Winners from the last few years have had a focus on green and sustainable features. Since the awards are given by a peer group of other architects, that will hopefully foster more innovation, Stevenson says. Teamwork also plays a large part, and that's why the owner, contractor, and designer are all recognized. "We're not an (American Institute of Architects) award -- it's not a beauty contest," he says. "We're looking beyond the skin."

Source: Robert Stevenson, Engineering Society of Detroit award committee chair
Writer: Kristin Lukowski

Detroit Zoo renovates landmark water tower

The animals will continue marching around the Detroit Zoo water tower, but with a new graphic and a new coat of paint on the tower.

The colorful tower at Woodward Avenue and 10 Mile Road in Royal Oak will have the existing graphic steamed off and then be power washed, scraped, and hand-painted, says Patricia Mills Janeway,
communications director for the Detroit Zoo. The graphic is starting to look a little ragged, with the decal coming off in places. "(Passers-by) will definitely notice that it's more spruced up," she adds.

The hand-painting will reduce any overspray that can float down on cars and other things below, she explains. A new graphic, 40 feet by 270 feet and made of adhesive vinyl, will then be applied to the tower. The "critter parade" logo of animals and humans walking across a plain at dusk is nearly the same as the original, except the elephant will be replaced with a rhino. (Detroit's elephants have since retired to an elephant sanctuary.)

"People are used to seeing that critter parade," she says. "They recognize it and love it, and we love it."

The $200,000 makeover is expected to be complete by mid-July, weather permitting.

And here's some Detroit Zoo water tower trivia: It was built in 1928, but only supplied water until 1984. Now its sole purpose is to be a giant, round zoological billboard.

Source: Patricia Mills Janeway,
communications director for the Detroit Zoo
Writer: Kristin Lukowski

Work complete on Dearborn Town Center exterior

The walls for the Dearborn Town Center are up, the parking garage is up, and work continues on the interior to ready it for an end-of-the-year opening.

The 162,000-square-foot building will offer a mix of office and retail space, the vast majority of which will be occupied by 500 workers from Oakwood Healthcare System and Midwest Health Services. Two hundred of those employees will be new.

Progress has continued to the point that the project looks finished from the outside, says Barry Murray, economic and community development director for the city of Dearborn. "Both the building and the parking deck are up, and the bridge between them is up," he says. "All the exterior finishes are close to being complete."

Murray's recent tour revealed the medical suites to be in various stages of completion: Some stud walls were bare, some had drywall, and some rooms have been painted. The timeline still calls for the project to be finished in December or January.

The Dearborn Town Center replaces the recently demolished Montgomery Ward department store. Montgomery Ward opened the store in 1937, expanding it to 93,000 square feet. It went belly-up in 2001 and had been vacant until its demolition.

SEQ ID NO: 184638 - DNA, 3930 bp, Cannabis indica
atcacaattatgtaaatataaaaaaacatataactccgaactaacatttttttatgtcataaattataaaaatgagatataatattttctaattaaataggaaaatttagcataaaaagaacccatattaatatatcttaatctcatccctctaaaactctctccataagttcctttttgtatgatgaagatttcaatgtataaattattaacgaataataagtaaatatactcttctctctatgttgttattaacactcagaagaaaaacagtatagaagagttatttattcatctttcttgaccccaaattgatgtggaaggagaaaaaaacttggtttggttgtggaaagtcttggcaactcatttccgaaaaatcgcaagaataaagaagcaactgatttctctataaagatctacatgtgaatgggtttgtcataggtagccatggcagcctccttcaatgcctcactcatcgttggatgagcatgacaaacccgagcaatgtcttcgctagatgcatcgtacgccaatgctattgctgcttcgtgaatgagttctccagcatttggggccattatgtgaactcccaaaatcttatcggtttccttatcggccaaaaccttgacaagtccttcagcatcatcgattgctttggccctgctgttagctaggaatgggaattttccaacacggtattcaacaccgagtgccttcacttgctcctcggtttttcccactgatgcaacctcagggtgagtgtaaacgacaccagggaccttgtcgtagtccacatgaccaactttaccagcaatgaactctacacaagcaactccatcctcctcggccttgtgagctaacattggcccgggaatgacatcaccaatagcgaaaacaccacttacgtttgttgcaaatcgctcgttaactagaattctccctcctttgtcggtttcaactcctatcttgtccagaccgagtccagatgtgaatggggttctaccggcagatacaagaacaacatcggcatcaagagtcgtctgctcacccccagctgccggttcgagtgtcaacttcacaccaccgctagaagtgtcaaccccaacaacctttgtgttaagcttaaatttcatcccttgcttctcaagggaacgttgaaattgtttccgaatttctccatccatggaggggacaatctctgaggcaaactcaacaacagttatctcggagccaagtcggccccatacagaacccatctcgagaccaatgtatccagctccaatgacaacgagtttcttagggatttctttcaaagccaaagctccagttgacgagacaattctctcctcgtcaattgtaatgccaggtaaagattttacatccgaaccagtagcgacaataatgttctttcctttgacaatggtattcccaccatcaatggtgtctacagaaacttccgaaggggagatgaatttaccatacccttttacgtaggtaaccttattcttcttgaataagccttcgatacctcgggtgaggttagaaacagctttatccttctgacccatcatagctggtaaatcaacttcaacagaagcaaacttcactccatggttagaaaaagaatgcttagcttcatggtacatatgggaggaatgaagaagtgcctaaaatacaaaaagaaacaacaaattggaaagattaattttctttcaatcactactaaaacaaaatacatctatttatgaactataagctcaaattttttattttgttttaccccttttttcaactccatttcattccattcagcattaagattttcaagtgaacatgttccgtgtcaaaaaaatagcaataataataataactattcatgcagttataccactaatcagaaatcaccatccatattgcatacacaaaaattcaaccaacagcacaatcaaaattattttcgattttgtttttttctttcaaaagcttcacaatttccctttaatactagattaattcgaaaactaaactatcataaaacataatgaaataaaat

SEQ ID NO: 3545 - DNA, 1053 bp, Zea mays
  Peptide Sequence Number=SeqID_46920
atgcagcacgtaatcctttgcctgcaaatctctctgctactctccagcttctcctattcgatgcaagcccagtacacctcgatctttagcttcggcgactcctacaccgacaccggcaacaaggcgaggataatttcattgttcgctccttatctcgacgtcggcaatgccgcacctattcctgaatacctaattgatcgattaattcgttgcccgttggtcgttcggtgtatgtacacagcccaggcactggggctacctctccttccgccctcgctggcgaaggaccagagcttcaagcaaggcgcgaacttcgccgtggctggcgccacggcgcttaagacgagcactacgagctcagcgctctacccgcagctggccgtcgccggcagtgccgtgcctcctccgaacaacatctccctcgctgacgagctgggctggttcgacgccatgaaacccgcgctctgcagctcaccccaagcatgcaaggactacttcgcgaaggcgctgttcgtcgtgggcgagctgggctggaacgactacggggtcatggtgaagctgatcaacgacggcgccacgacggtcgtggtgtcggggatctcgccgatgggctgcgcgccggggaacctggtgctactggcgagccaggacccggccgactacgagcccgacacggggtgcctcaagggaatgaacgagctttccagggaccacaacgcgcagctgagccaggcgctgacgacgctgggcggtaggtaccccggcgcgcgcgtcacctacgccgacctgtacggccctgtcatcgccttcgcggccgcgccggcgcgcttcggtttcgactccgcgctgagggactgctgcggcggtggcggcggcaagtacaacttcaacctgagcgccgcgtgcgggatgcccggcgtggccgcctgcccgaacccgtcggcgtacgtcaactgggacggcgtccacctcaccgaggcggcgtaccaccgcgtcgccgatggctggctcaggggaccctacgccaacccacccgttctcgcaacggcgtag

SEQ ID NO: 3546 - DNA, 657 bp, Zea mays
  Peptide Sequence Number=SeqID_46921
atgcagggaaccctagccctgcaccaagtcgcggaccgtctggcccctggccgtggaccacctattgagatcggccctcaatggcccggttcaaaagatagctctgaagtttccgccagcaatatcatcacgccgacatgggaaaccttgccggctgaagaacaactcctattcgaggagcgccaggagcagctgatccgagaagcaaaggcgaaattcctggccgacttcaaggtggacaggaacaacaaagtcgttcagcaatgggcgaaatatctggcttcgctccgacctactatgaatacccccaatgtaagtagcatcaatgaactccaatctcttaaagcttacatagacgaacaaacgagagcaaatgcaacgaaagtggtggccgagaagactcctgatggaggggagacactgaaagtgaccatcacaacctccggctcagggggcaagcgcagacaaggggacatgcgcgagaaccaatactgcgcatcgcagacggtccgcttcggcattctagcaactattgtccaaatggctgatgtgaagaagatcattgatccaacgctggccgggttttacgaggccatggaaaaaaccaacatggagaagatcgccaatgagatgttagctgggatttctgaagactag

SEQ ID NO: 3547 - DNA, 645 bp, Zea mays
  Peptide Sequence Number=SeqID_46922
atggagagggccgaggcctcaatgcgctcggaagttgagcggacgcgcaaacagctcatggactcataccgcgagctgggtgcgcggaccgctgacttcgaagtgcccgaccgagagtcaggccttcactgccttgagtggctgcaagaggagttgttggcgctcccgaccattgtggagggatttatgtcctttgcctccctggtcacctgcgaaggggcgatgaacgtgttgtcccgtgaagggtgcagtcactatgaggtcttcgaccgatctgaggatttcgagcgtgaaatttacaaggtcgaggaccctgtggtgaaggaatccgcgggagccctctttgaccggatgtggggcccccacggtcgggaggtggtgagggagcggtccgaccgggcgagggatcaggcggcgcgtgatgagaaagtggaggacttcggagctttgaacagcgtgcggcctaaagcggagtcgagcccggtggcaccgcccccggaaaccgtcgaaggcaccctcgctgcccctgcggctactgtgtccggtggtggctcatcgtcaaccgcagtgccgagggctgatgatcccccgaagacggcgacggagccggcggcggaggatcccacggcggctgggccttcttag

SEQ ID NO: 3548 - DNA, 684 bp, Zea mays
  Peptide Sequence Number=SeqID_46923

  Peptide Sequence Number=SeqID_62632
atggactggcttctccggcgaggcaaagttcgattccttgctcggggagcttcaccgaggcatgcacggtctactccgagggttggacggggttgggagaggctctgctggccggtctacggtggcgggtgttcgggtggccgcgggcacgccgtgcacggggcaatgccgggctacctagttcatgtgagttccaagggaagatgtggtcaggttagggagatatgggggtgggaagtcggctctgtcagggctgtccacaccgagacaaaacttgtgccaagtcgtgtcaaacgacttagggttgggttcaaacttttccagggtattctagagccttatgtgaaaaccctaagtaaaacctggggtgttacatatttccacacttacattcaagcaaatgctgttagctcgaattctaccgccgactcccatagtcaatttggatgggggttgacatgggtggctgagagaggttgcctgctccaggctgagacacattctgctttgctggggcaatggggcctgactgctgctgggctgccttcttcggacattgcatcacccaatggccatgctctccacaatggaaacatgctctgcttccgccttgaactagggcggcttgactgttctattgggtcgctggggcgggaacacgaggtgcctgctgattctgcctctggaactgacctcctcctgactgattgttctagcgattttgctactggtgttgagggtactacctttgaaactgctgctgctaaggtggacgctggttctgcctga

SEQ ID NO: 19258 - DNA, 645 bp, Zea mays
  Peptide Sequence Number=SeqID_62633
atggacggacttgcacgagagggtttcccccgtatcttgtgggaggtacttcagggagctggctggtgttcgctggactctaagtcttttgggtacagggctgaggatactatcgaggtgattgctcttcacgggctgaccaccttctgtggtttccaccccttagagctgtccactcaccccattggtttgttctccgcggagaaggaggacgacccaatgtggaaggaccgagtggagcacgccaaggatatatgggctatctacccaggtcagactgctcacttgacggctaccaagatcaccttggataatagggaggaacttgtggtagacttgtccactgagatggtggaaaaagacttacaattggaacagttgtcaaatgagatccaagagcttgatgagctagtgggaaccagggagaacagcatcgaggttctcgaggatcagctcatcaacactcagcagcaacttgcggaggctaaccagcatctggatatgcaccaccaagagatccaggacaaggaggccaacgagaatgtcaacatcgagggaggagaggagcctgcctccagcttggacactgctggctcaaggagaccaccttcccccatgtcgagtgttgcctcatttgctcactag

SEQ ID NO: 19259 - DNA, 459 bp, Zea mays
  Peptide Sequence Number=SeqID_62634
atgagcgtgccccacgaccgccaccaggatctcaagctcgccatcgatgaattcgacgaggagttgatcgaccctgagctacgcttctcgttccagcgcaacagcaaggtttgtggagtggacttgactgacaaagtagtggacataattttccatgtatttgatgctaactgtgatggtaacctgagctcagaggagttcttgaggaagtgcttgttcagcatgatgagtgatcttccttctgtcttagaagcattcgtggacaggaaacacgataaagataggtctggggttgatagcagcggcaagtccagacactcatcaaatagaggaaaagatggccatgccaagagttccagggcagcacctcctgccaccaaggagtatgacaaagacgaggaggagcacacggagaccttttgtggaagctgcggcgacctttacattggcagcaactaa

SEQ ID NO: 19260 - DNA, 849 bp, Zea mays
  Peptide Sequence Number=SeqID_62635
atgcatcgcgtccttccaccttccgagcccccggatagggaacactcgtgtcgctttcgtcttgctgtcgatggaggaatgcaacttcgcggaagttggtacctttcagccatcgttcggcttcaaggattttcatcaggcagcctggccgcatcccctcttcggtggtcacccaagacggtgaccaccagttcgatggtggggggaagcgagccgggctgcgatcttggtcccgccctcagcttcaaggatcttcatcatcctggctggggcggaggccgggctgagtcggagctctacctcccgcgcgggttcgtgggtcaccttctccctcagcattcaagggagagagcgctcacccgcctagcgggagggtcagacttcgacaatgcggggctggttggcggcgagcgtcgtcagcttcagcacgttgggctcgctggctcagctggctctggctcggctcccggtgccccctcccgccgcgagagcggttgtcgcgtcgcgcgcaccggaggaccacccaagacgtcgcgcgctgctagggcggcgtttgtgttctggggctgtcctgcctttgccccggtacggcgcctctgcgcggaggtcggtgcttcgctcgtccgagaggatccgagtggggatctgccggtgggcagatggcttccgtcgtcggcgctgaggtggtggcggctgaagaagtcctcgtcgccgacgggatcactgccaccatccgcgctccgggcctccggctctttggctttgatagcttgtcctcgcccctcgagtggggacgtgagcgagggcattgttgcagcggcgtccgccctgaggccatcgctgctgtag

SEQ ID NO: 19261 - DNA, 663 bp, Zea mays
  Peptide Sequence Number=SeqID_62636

The brick and stone facade and glass gives the new structure a look that's not overpowering, in Murray's opinion. "I think it blends well with city hall and other buildings in the areas," he says. "I think it's a very important architectural design, and for an important corner."

Murray also appreciates the building of a 530-car public parking garage, which is a more efficient use of space than surface parking. "That's really one piece of the puzzle, trying to create an urban environment that people will come out and enjoy," he says.

Source: Barry Murray, economic and community development director for the city of Dearborn
Writer: Kristin Lukowski

Oakland Comm College upgrades theater, parking lots

Oakland Community College students, staff, and visitors will have a smoother ride getting around campus, and a safer way to get around in the theater, beginning this summer.

Both the Auburn Hills and Orchard Ridge campuses will see parking lot repairs and replacement of some of the roads, which, considering the college is a commuter school, affects just about everyone coming to campus. Plus, the school is open from early in the morning to late at night, almost every day of the year, says George Cartsonis, director of college communications for Oakland Community College.

"As a commuter school, the condition of our parking lots is absolutely essential," he says. "Those parking lots get a lot of wear and tear. We want to make sure they're in the best possible shape so our students are not inconvenienced."

Also taking place at the Orchard Ridge campus will be the installation of stair and aisle handrails in the Smith Theatre, as well as a replacement of some of the floor coverings.

The Smith Theatre stairs are steeply pitched, Cartsonis says, and many events for senior citizens take place in that auditorium. "The investment is well worth it, from a safety standpoint."

All three improvements come to just under $2.5 million, which is the last of the 0.8-mill property tax levy from 2001. Work is expected to begin in phases on the projects this summer and to be complete by August 2011.

Source: George Cartsonis, director of college communications for Oakland Community College
Writer: Kristin Lukowski